An American community commemorates Yom HaZikaron with emotional recollections

Our community in Sacramento, California joined together on the eve of Yom HaZikaron for a commemoration that was personal, contemplative and emotional.  Our synagogue President, Steve Turtletaub, began our ceremony by asking everyone to join in a moment of silence as a video of the sound of a siren played with Israelis traditionally stopping everything, including driving on highways and standing in silence.

Using the Zoom platform, members of our congregation and community heard from Sacramento resident Moti Darf, a former tank commander in the IDF, who spoke so movingly about two of his friends growing up in a small town just south of Rehovot called Kiryat Ekron.  Founded in 1948, immigrants from Yemen and Bulgaria became the first residents of the community.  Moti’s childhood friends, Binyamin Oved (z”l) and Yosef Aharoni (z”l), both died while serving in the IDF.  Binyamin was 20 years old and Yossi was 22.  The community where Moti and his friends grew up honors the memory of those who died defending Israel with a special annual Yom HaZikaron Ceremony in their community (like other communities in Israel).  They also have a special Facebook page to remember those residents of the Yishuv who died defending Israel.

From Kiryat Ekron Facebook Page

We heard from another member of our synagogue, Past President Jonathan Lightman, whose mother Beatrice (z”l) fought in the 1948 War of Independence, was wounded and whose uncle, Shalom Ortasse (z”l) (Beatrice’s younger brother) served in the IDF and died serving his country at the age of 18.  Jonathan shared their stories and told us that in his research, he came across his uncle’s testament page on the IDF website.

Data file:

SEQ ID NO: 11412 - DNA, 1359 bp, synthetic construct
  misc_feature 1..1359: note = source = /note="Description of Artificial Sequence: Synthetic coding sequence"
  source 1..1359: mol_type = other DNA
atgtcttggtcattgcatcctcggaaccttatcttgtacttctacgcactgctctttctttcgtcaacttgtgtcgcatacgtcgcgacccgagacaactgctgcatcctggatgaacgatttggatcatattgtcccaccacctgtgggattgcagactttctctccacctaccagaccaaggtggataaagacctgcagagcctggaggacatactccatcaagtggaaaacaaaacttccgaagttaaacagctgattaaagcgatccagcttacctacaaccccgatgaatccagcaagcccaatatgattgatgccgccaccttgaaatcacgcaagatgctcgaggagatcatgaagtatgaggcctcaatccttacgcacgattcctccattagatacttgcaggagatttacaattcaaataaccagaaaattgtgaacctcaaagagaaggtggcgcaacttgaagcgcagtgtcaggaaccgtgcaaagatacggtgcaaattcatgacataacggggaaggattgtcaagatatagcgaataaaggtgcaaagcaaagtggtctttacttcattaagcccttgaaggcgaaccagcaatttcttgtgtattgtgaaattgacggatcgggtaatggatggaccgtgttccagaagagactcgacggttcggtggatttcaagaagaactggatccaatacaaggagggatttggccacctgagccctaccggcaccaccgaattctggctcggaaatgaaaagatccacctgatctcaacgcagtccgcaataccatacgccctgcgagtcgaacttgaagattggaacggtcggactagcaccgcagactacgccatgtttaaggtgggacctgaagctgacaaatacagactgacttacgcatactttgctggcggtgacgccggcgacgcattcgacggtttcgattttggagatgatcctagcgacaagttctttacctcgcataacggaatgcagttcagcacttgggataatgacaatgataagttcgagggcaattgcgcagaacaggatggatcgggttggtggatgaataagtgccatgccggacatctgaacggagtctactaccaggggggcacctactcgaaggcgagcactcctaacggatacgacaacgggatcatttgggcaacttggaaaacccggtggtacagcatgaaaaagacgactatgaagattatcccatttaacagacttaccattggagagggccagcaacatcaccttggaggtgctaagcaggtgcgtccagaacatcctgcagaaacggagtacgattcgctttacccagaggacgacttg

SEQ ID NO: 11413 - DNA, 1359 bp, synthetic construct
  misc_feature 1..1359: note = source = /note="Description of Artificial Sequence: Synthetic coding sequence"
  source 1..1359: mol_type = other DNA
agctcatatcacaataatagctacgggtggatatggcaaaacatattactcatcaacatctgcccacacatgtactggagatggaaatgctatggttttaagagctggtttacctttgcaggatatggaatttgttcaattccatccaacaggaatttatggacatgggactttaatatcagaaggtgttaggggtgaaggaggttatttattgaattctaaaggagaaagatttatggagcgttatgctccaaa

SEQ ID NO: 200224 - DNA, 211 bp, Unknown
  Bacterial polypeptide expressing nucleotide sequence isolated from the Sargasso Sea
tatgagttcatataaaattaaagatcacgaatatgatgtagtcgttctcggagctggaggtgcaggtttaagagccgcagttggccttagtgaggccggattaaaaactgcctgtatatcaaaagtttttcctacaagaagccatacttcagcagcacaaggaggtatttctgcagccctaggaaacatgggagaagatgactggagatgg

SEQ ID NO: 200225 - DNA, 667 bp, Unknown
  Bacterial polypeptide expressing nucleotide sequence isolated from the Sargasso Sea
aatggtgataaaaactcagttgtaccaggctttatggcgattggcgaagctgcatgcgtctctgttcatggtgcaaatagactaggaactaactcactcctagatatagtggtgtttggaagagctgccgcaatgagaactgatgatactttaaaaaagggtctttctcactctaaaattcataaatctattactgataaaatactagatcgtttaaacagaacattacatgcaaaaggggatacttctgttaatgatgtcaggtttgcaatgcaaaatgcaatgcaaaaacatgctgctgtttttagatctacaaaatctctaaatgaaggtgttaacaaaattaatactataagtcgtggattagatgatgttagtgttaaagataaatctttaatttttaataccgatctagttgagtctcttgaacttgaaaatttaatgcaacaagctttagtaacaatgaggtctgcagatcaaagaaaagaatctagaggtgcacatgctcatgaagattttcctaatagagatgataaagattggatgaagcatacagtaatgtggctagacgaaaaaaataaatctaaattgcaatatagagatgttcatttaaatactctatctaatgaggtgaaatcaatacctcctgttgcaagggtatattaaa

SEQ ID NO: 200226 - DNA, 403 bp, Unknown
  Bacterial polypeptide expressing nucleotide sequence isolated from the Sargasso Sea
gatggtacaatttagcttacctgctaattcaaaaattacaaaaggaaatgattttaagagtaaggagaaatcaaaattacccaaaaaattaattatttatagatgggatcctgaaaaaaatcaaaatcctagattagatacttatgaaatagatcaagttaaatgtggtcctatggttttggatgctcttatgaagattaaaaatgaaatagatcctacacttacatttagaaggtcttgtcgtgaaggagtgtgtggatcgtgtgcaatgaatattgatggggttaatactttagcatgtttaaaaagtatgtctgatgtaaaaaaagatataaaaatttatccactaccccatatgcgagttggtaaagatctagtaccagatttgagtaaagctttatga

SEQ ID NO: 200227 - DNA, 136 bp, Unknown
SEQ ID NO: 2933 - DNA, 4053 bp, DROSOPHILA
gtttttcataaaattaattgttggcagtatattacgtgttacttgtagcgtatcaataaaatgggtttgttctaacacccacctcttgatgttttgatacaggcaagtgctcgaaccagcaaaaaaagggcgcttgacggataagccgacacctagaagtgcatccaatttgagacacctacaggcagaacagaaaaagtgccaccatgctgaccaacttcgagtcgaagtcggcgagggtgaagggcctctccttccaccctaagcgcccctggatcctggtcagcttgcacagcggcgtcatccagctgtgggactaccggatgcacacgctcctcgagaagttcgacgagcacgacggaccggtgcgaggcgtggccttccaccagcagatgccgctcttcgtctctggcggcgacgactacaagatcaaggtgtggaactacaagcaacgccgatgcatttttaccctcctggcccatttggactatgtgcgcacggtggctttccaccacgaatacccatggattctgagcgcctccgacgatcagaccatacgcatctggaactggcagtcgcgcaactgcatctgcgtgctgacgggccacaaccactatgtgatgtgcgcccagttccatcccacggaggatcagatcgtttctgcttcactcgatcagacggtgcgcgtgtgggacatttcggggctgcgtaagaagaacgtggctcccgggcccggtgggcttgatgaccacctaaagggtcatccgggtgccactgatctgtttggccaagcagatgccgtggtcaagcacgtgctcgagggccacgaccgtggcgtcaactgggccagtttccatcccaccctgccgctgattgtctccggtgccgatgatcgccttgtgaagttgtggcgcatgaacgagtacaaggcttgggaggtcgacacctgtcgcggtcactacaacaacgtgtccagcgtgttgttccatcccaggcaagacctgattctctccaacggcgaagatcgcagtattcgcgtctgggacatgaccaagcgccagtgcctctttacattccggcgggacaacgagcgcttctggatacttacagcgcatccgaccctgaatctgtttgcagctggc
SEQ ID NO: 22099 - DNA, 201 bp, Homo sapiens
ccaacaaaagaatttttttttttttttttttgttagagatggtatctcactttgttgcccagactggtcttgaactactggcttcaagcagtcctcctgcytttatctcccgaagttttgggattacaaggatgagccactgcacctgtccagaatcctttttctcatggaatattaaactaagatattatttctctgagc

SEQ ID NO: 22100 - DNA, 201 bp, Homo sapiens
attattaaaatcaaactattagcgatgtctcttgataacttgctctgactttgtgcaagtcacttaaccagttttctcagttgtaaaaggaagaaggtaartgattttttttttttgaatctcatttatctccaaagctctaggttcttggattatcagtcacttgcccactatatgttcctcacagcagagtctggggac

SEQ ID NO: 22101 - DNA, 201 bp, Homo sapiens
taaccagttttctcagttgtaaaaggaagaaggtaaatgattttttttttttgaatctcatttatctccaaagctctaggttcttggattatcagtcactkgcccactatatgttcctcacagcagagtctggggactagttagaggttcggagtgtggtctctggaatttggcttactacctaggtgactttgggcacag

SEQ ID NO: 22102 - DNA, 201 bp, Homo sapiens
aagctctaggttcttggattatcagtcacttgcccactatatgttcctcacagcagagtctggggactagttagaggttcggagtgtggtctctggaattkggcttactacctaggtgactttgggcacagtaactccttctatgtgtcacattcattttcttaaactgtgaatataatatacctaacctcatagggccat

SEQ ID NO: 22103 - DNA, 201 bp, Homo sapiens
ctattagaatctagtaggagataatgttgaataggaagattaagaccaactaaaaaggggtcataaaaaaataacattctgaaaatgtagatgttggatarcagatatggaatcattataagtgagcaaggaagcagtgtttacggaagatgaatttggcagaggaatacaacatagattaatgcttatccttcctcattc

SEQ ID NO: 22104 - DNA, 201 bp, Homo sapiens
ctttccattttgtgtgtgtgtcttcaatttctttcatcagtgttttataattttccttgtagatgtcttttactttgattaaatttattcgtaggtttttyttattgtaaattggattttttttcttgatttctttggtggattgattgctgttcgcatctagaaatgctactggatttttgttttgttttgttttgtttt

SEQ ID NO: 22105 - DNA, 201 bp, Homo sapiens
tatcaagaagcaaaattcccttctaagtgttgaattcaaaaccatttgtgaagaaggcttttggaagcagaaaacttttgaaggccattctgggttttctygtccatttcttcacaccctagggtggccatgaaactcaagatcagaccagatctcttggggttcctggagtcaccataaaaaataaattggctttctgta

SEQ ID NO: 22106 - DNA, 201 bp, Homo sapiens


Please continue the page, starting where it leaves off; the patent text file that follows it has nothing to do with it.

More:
Photo of Jonathan Lightman’s Uncle
Photo of Jonathan Lightman’s mother with David Ben Gurion

We then viewed an emotional video about IDF solider Michael Levin (z”l), a native of Philadelphia, who after spending a year on NATIV, decided to make Aliyah and join the IDF. Rabbi Avi Taff  (who also served in an IDF Paratrooper unit) shared personal reflections of Michael which touched upon Michael’s love for Israel.  The video of Michael (produced by the Jewish Federation of Greater Philadelphia) and Avi’s stories about Michael, were both emotional and reflective of the courage, determination and sacrifice of many of Israel’s Lone Soldiers. The organization which supports Lone Soldiers was officially named in memory of Michael Levin.

Our commemoration continued with Dr. Irit Simchi Winston,  a veteran of the IDF and Director of Education at our synagogue reciting the Yizkor Prayer followed by our Hazzan, Ben Rosner chanting the Kel Malay Rachamim prayer. After reciting Kaddish, we ended appropriately with the singing of Hatikvah. While Yom HaZikaron is a day which should ideally be commemorated and experienced in Israel, we, as Jews in the Diaspora, should continue to hold such ceremonies which link us with our fellow Jews in Israel. I am proud that our congregation and community provided an opportunity to remember the 23,816 Israeli Soldiers and 3,153 Victims of Terrorism who gave the ultimate sacrifice. May their memories endure as a blessing.

About the Author
Reuven Taff has dedicated his career to serving Jewish communities. For 25 years, he was the rabbi and spiritual leader of Mosaic Law Congregation in Sacramento, California, and now serves as Rabbi Emeritus. As a Hazzan and Jewish Educator, he has held positions as Cantor and Educational Director at Beth El Congregation in Phoenix, Arizona, and Headmaster of Gesher Jewish Day School of Northern Virginia. In addition to his blog on Times of Israel, his opinion pieces have been published in The Sacramento Bee, Sacramento News and Review, The Wall Street Journal, USA Today, The Dallas Morning News, The Albany Times-Union, The Algemeiner, The Jerusalem Post, The Jewish Forward, Jewish Journal and other publications. He can be contacted at
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